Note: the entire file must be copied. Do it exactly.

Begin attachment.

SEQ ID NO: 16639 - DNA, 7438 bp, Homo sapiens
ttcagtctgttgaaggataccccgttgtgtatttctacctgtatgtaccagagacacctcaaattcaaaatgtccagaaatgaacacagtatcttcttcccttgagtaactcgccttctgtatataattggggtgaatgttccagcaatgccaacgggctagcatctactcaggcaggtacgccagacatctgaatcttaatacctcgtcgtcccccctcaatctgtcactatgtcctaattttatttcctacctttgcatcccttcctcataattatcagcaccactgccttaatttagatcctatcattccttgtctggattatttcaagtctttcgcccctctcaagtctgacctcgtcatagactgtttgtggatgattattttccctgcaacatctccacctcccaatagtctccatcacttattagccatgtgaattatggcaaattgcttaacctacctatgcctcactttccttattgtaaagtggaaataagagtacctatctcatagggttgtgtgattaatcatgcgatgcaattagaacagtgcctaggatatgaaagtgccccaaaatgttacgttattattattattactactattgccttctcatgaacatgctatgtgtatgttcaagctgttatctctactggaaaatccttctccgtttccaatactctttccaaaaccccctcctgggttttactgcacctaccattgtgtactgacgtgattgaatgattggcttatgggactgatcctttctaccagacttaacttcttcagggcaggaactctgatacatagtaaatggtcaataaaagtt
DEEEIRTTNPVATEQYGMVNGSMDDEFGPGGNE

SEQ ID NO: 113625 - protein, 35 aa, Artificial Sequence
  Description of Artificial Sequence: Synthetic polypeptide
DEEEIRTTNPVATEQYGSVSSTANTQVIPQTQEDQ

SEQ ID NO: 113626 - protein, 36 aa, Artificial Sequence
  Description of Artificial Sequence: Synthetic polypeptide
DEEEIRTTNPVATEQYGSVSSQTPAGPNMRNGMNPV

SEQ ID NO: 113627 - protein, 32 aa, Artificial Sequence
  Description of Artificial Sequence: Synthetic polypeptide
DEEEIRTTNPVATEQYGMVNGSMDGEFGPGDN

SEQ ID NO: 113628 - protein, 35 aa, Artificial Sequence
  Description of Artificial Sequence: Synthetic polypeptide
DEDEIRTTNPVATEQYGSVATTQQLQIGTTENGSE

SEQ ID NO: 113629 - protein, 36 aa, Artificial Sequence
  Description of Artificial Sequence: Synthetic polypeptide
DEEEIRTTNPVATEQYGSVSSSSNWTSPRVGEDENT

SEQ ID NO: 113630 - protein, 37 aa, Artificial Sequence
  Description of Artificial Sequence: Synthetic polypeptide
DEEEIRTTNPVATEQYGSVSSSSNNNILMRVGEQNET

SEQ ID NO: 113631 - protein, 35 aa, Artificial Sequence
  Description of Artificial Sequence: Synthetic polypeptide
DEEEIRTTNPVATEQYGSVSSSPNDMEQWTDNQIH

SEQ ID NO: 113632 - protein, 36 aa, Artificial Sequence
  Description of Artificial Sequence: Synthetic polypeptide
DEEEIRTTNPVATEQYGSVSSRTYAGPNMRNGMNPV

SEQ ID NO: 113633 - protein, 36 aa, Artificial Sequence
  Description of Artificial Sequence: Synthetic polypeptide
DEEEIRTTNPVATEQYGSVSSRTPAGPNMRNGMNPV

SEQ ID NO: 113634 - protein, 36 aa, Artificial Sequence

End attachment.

SEQ ID NO: 16639 - DNA, 7438 bp, Homo sapiens
ttcagtctgttgaaggataccccgttgtgtatttctacctgtatgtaccagagacacctcaaattcaaaatgtccagaaatgaacacagtatcttcttcccttgagtaactcgccttctgtatataattggggtgaatgttccagcaatgccaacgggctagcatctactcaggcaggtacgccagacatctgaatcttaatacctcgtcgtcccccctcaatctgtcactatgtcctaattttatttcctacctttgcatcccttcctcataattatcagcaccactgccttaatttagatcctatcattccttgtctggattatttcaagtctttcgcccctctcaagtctgacctcgtcatagactgtttgtggatgattattttccctgcaacatctccacctcccaatagtctccatcacttattagccatgtgaattatggcaaattgcttaacctacctatgcctcactttccttattgtaaagtggaaataagagtacctatctcatagggttgtgtgattaatcatgcgatgcaattagaacagtgcctaggatatgaaagtgccccaaaatgttacgttattattattattactactattgccttctcatgaacatgctatgtgtatgttcaagctgttatctctactggaaaatccttctccgtttccaatactctttccaaaaccccctcctgggttttactgcacctaccattgtgtactgacgtgattgaatgattggcttatgggactgatcctttctaccagacttaacttcttcagggcaggaactctgatacatagtaaatggtcaataaaagtt
DEEEIRTTNPVATEQYGMVNGSMDDEFGPGGNE

SEQ ID NO: 113625 - protein, 35 aa, Artificial Sequence
  Description of Artificial Sequence: Synthetic polypeptide
DEEEIRTTNPVATEQYGSVSSTANTQVIPQTQEDQ

SEQ ID NO: 113626 - protein, 36 aa, Artificial Sequence
  Description of Artificial Sequence: Synthetic polypeptide
DEEEIRTTNPVATEQYGSVSSQTPAGPNMRNGMNPV

SEQ ID NO: 113627 - protein, 32 aa, Artificial Sequence
  Description of Artificial Sequence: Synthetic polypeptide
DEEEIRTTNPVATEQYGMVNGSMDGEFGPGDN

SEQ ID NO: 113628 - protein, 35 aa, Artificial Sequence
  Description of Artificial Sequence: Synthetic polypeptide
DEDEIRTTNPVATEQYGSVATTQQLQIGTTENGSE

SEQ ID NO: 113629 - protein, 36 aa, Artificial Sequence
  Description of Artificial Sequence: Synthetic polypeptide
DEEEIRTTNPVATEQYGSVSSSSNWTSPRVGEDENT

SEQ ID NO: 113630 - protein, 37 aa, Artificial Sequence
  Description of Artificial Sequence: Synthetic polypeptide
DEEEIRTTNPVATEQYGSVSSSSNNNILMRVGEQNET

SEQ ID NO: 113631 - protein, 35 aa, Artificial Sequence
  Description of Artificial Sequence: Synthetic polypeptide
DEEEIRTTNPVATEQYGSVSSSPNDMEQWTDNQIH

SEQ ID NO: 113632 - protein, 36 aa, Artificial Sequence
  Description of Artificial Sequence: Synthetic polypeptide
DEEEIRTTNPVATEQYGSVSSRTYAGPNMRNGMNPV

SEQ ID NO: 113633 - protein, 36 aa, Artificial Sequence
  Description of Artificial Sequence: Synthetic polypeptide
DEEEIRTTNPVATEQYGSVSSRTPAGPNMRNGMNPV

SEQ ID NO: 113634 - protein, 36 aa, Artificial Sequence